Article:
What a beautiful day! I didn’t cover anything assuming the frost would be light enough not to harm anything and this time my assumption was correct. It did get cold, but something seems to have been bothered by it.
Earlier this spring I had to pull up some left over plastic mulch that was left in the field from the previous season. It was an annoying job and I was grateful for my decision to experiment with biodegrading mulch for this season. I first thought about trying this last fall when we were spending a long time in the cold of late October trying to get as much of the plastic as we could out of the field. I had heard of a biodegradable alternative to plastic, but was a little skeptical. After spending so much time pulling plastic last year, I thought it would be worth giving it a chance, so we are. So far it has been great, although it has only been a week. We put all our celery, celeriac, and parsley on the bio-mulch. I hope to lay a lot more of the mulch this week to prep for all the tomatoes, peppers, and eggplant I want to get into the field next week. The mulch in supposed to be mostly degraded once the fall/winter comes around and we can just disc what’s left into the soil. By the time it degrades the plants will be big enough to shade out any new weeds that may want to grow so it isn’t needed anymore anyway. You can see in the picture that it look pretty good, although the bed in not straight. Our biosymetric farming isn’t going well when we have a curvy bed along a straight bed.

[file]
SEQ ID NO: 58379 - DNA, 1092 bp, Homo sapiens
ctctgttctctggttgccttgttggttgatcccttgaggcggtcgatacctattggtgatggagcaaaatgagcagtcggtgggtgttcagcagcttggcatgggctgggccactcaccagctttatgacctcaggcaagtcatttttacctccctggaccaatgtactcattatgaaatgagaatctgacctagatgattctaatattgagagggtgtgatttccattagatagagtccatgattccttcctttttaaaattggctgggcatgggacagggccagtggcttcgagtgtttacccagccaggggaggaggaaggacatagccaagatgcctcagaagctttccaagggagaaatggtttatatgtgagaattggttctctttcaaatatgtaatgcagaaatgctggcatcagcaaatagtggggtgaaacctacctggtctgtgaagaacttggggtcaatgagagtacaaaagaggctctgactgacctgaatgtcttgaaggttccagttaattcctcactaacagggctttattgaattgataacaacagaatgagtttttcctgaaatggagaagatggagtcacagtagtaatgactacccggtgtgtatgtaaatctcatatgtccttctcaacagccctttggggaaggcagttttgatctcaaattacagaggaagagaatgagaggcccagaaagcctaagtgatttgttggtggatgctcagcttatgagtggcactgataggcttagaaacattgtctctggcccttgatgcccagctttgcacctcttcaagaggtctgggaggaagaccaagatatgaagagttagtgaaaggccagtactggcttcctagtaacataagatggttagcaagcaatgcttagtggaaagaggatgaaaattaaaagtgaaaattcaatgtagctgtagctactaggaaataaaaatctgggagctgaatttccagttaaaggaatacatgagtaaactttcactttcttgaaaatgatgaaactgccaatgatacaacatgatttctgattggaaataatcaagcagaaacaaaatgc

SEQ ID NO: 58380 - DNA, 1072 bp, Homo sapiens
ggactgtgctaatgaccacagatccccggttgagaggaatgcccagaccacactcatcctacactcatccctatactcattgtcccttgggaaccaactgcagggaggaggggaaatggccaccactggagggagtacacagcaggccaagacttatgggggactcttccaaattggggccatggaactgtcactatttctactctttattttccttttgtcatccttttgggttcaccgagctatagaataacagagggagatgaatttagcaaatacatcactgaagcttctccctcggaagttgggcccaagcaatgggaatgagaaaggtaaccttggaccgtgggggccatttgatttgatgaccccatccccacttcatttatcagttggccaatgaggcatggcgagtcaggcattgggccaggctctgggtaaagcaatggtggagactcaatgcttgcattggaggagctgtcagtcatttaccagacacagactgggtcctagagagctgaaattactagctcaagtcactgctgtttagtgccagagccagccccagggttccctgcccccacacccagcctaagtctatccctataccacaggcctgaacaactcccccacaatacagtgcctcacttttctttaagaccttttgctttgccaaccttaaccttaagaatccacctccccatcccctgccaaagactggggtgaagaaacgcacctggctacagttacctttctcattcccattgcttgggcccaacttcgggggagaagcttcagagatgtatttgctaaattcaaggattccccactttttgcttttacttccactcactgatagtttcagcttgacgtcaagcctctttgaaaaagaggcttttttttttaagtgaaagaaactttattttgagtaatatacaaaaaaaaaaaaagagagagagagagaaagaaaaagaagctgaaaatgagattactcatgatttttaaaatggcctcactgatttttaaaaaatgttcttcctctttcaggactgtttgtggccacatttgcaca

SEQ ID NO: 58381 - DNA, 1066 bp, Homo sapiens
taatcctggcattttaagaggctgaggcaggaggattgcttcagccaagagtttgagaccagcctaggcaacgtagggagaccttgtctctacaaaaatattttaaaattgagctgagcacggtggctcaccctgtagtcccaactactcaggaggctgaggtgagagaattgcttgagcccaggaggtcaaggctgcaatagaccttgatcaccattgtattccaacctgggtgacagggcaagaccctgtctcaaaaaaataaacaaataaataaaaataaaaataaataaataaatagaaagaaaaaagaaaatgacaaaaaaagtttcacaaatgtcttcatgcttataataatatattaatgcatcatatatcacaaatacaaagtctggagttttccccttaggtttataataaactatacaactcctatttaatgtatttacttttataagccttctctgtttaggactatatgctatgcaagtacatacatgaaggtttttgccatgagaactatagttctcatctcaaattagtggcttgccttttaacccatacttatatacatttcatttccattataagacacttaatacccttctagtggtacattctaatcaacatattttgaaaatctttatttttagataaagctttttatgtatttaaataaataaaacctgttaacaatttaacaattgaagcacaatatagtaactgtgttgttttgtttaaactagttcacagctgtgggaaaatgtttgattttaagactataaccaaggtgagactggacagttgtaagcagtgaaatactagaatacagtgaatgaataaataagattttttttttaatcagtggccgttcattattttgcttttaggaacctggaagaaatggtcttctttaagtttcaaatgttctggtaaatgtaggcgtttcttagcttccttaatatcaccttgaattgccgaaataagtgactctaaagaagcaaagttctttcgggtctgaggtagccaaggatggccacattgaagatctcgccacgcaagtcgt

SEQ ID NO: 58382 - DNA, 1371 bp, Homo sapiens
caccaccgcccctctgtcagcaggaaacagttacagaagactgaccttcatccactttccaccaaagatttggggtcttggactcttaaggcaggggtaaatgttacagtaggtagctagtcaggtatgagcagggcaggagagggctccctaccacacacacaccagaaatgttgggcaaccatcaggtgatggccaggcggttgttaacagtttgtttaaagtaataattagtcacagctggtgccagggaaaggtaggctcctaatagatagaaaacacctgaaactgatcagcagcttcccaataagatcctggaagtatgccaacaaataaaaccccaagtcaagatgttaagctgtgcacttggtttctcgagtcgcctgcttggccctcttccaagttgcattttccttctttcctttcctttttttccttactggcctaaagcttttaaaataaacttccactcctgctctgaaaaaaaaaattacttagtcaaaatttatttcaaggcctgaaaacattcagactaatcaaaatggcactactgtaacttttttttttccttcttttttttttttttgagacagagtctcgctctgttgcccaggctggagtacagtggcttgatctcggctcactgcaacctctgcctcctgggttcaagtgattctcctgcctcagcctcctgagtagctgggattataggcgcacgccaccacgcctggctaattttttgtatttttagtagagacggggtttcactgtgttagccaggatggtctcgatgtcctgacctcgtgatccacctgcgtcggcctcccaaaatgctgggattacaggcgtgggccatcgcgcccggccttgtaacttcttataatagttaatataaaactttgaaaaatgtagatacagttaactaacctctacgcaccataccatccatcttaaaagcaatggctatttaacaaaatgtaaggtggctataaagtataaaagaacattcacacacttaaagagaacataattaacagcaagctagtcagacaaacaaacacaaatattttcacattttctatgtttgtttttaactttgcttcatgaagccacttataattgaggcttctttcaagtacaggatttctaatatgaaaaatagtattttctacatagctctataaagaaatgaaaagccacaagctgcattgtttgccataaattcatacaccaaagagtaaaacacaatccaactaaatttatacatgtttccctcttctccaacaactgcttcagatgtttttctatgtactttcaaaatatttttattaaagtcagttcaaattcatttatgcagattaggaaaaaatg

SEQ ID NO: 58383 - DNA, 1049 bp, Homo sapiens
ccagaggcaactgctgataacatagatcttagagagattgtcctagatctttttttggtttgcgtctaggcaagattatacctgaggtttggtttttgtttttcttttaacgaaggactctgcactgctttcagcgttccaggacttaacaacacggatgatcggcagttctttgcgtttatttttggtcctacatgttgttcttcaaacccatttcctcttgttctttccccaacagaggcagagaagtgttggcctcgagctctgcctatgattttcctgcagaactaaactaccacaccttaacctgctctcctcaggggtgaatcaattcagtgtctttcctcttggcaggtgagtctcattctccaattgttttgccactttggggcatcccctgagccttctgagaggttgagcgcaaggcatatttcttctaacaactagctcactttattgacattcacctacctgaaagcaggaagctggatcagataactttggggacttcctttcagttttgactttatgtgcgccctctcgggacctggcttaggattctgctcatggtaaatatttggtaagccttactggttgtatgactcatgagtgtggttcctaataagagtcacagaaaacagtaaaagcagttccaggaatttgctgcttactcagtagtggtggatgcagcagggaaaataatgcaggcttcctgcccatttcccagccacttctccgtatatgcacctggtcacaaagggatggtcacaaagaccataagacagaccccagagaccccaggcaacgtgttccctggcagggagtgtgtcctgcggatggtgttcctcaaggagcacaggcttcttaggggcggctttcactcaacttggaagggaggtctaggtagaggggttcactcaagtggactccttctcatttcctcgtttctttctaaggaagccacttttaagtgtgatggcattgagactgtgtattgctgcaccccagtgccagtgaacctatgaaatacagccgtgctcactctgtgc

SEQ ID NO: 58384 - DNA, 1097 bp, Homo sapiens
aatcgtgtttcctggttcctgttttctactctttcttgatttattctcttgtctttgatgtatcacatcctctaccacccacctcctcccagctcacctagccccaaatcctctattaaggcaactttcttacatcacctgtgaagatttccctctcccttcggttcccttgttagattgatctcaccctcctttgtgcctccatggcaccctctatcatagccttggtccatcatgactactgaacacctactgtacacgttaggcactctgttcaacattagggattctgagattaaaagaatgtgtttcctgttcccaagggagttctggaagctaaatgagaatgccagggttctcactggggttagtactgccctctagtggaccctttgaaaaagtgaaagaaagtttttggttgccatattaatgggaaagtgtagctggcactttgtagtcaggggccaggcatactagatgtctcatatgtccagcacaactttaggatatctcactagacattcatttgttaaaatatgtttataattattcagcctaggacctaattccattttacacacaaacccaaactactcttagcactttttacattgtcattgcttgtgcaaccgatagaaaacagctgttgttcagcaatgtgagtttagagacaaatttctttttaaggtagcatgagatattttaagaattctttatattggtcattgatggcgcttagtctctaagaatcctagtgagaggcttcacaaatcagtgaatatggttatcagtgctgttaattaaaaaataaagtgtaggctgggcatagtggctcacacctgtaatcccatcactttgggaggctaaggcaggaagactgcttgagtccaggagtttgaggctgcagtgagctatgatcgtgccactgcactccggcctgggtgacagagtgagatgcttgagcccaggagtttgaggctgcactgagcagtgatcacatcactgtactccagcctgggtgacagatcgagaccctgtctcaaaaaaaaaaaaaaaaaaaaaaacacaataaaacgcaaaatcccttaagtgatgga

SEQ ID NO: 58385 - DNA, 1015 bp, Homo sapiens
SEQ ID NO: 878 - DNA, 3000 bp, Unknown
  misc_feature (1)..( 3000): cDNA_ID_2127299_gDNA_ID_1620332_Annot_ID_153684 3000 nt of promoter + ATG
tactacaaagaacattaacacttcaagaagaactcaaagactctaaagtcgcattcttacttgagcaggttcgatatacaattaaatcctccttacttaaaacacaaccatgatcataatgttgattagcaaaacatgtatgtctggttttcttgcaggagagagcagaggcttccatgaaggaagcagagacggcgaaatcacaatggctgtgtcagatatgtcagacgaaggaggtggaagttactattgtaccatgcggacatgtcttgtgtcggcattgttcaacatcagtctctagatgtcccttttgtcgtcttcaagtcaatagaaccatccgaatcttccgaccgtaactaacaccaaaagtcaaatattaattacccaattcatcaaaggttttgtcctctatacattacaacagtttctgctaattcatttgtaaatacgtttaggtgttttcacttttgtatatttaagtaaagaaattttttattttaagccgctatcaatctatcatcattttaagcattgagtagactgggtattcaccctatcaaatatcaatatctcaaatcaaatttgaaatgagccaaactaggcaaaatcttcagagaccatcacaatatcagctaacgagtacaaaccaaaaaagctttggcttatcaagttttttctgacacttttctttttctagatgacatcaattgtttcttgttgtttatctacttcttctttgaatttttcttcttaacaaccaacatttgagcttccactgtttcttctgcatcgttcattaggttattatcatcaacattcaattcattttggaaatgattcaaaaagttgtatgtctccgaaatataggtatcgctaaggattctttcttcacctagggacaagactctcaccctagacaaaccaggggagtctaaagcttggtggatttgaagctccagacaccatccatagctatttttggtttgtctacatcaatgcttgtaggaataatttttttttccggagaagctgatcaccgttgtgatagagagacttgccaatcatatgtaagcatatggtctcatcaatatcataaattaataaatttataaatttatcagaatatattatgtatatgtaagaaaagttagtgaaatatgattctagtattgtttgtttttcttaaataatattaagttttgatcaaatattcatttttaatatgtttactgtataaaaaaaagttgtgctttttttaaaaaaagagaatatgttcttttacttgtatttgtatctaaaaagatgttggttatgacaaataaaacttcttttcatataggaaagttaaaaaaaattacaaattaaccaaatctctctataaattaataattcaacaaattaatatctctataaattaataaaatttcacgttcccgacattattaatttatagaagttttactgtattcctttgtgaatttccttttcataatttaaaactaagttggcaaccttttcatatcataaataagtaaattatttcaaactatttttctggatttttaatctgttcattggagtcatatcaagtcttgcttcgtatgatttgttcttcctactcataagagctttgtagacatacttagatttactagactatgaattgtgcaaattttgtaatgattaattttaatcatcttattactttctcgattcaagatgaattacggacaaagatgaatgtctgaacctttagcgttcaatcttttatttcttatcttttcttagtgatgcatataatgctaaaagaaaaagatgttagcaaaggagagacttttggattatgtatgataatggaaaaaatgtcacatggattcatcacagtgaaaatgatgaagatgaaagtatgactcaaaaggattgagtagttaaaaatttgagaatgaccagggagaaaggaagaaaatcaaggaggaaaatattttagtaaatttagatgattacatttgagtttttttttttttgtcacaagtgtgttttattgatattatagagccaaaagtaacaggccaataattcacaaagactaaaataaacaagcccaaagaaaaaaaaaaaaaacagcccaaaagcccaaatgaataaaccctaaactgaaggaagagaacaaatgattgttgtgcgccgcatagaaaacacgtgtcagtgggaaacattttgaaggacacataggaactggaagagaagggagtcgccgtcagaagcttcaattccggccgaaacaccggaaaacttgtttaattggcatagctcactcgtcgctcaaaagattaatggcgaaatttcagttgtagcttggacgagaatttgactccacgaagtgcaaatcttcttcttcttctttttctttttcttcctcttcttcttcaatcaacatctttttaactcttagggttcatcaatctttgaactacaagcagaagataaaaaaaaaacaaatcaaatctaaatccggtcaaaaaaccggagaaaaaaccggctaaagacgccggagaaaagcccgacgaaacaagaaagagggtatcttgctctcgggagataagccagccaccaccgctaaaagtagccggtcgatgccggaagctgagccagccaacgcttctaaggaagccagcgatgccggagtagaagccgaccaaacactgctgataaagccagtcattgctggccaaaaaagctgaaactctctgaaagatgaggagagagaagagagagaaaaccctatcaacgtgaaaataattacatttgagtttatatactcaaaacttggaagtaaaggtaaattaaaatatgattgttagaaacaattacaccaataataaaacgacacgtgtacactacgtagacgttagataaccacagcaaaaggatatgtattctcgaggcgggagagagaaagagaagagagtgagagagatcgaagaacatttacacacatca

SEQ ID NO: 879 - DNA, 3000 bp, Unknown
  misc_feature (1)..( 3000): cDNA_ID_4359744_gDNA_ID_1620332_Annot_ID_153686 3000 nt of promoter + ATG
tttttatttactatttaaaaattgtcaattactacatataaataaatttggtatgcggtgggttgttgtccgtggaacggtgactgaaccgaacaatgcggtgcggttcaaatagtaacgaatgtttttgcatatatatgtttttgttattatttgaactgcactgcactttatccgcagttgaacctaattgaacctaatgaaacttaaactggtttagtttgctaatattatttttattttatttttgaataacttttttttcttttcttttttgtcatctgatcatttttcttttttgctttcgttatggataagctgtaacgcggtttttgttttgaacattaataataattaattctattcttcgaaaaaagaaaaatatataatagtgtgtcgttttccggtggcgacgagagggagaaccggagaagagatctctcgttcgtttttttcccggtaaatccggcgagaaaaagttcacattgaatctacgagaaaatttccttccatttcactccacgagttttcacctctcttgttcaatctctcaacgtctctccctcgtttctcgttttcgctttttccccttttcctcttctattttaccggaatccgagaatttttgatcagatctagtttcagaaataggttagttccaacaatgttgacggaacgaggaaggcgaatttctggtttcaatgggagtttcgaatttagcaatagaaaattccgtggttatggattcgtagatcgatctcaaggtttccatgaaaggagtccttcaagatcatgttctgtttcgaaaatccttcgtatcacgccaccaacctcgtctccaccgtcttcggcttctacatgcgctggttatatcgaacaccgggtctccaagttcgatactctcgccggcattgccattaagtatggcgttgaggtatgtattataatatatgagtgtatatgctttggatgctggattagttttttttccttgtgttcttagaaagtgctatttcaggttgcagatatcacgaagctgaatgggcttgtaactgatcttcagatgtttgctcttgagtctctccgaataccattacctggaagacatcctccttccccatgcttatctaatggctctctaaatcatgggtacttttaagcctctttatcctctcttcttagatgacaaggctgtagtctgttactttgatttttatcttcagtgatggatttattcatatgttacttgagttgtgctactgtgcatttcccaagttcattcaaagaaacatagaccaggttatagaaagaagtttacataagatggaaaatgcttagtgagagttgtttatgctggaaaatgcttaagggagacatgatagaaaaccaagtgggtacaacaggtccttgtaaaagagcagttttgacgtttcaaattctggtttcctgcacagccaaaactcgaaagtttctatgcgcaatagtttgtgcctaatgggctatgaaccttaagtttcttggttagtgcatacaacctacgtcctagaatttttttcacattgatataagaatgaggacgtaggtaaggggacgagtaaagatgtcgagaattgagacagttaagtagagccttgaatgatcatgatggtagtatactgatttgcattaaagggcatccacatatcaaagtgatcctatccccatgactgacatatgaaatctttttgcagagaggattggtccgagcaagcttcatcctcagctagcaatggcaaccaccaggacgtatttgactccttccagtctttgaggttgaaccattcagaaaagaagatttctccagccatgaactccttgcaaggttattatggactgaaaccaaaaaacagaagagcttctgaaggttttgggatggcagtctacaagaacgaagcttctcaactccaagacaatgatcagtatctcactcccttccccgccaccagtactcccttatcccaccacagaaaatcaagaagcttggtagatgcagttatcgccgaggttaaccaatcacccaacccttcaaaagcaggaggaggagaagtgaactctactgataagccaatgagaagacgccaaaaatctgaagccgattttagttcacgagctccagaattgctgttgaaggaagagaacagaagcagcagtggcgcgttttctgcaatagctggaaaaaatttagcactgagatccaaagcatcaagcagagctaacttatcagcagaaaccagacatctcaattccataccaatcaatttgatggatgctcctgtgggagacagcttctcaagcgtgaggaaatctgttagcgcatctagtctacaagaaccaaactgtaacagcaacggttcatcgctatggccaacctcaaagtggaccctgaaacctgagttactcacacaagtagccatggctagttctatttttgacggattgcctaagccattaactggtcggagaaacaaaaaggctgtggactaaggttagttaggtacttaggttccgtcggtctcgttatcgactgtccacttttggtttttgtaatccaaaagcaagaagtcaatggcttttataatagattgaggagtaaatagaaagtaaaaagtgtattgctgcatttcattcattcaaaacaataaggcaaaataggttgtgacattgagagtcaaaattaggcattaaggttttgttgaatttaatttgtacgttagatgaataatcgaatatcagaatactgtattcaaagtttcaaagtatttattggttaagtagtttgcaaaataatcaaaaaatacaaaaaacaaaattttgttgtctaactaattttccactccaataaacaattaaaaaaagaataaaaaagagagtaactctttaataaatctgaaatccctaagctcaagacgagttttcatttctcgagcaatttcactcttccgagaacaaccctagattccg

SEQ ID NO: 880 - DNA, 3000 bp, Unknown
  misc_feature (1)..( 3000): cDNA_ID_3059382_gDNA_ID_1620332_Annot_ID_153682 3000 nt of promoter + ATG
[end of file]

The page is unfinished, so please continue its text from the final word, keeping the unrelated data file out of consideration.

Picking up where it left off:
Another new thing I am trying is planting a few more things up in our north field. Last year I just did sweet corn, which I will do again, but this year we put in a few potatoes. I also hope to put some pumpkins up there and we’ll just see how they all do. I don’t think I’ll ever fence off the area up there, but if I can find some things the deer won’t eat I can save room in the fenced area since we’ve run out of space there.
I mentioned that we had a visit from our friend the ground hog again. Here is a picture of what he did to our kale. I was a little surprised though at what he ate. Normally, they go for the middle leaves since they are the most tender, but this guy went for the outer leaves only. Now the remaining middle leaves are growing and the plants may actually come back. I was thinking of going on a new offensive against our resident groundhogs, but since they didn’t kill our kale, I’ll hold off for now. They did slow the growth of the kale, but we may not actually lose our spring kale crop. We may have more kale than we know what to do with because we planted all the extra kale we had after the first patch was nibbled on. The chard looks good this spring too so get ready for a lot of greens! And lettuce, get ready for a lot of lettuce…